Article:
Thermal Conductivity Measurements on High-Temperature Fibrous Insulations by the Hot-Wire Method

    Published: Jan 1978

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    We have developed equipment to determine the “thermal conductivity” of insulating materials, in the temperature range 25° to 1600°C, by the hot-wire method. We have based our method on the German draft standard DIN 51046 and on the work of Padgett and Davis at the British Ceramic Research Association (BCRA). The method has been applied to measurements on polycrystalline alumina fibers, where the “thermal conductivities” range from 0.03 to 0.8 W/m-K. This paper gives details of our experiences with the hot-wire method and indicates some areas where we have found difficulties that are not completely covered in the specification.

    In order to assess the value of “thermal conductivity” data obtained by the hot-wire method, we have, where possible, tried to compare our results with those obtained by parallel-plate methods. The dangers of making such a comparison are indicated, but the agreement between the results obtained by the two different methods gives us confidence in their reliability for insulation design.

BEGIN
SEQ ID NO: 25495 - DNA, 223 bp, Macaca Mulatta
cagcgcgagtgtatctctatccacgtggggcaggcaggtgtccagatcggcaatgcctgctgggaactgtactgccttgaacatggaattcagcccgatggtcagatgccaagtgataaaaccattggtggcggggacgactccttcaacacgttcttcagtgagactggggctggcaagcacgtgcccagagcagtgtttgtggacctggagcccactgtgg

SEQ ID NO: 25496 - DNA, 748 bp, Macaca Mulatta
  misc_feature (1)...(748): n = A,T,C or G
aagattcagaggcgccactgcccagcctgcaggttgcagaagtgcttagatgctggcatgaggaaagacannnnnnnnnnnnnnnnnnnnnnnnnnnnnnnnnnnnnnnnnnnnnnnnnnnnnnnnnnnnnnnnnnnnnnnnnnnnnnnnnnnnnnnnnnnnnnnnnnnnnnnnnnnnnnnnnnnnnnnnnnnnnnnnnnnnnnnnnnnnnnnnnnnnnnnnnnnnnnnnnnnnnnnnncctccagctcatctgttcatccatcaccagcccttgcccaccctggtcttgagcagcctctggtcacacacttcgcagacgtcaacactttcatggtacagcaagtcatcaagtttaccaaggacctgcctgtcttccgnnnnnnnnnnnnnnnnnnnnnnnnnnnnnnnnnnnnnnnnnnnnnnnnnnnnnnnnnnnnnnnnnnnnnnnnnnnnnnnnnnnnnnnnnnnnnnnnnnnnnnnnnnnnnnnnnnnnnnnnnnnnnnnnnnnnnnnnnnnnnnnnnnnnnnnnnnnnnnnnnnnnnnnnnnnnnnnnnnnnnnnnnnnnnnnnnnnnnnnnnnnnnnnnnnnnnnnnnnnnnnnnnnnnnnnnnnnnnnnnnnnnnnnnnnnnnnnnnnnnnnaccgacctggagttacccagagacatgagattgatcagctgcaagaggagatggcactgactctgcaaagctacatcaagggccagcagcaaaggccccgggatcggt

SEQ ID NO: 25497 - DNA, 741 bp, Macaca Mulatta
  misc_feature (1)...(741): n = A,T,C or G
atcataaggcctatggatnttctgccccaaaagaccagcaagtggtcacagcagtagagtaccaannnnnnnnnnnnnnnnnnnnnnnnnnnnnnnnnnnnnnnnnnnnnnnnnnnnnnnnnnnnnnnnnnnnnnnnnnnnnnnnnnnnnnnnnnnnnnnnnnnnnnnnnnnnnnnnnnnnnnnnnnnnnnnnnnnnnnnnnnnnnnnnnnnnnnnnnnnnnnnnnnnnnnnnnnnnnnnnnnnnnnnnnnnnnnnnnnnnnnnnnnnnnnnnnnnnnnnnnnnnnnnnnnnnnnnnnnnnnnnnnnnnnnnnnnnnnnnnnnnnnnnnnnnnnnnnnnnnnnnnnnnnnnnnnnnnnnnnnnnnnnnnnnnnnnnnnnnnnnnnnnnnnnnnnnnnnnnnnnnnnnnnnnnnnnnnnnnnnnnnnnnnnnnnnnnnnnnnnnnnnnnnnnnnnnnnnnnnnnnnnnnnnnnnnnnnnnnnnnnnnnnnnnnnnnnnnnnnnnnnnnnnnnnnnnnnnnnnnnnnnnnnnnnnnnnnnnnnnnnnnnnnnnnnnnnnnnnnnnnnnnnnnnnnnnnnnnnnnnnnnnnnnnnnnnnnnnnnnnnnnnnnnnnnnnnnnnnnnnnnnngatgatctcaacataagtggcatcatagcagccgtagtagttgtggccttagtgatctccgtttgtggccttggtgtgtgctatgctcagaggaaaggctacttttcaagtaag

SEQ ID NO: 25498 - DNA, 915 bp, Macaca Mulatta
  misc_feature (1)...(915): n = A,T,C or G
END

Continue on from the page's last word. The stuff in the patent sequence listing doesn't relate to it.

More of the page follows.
thermal conductivity, fiber, standard, insulation, hot-wire method, linear heat source, transient, nonsteady state, high temperature, anisotropy, orientation, furnace, thyristor control, guarded hot plate, calorimetric parallel plate

    Author Information:

    Jackson, AJ
    Imperial Chemical Industries Ltd., Runcorn, Cheshire

    Adams, J
    Imperial Chemical Industries Ltd., Runcorn, Cheshire

    Millar, RC
    Imperial Chemical Industries Ltd., Runcorn, Cheshire

    Committee/Subcommittee: C16.30

    DOI: 10.1520/STP35742S

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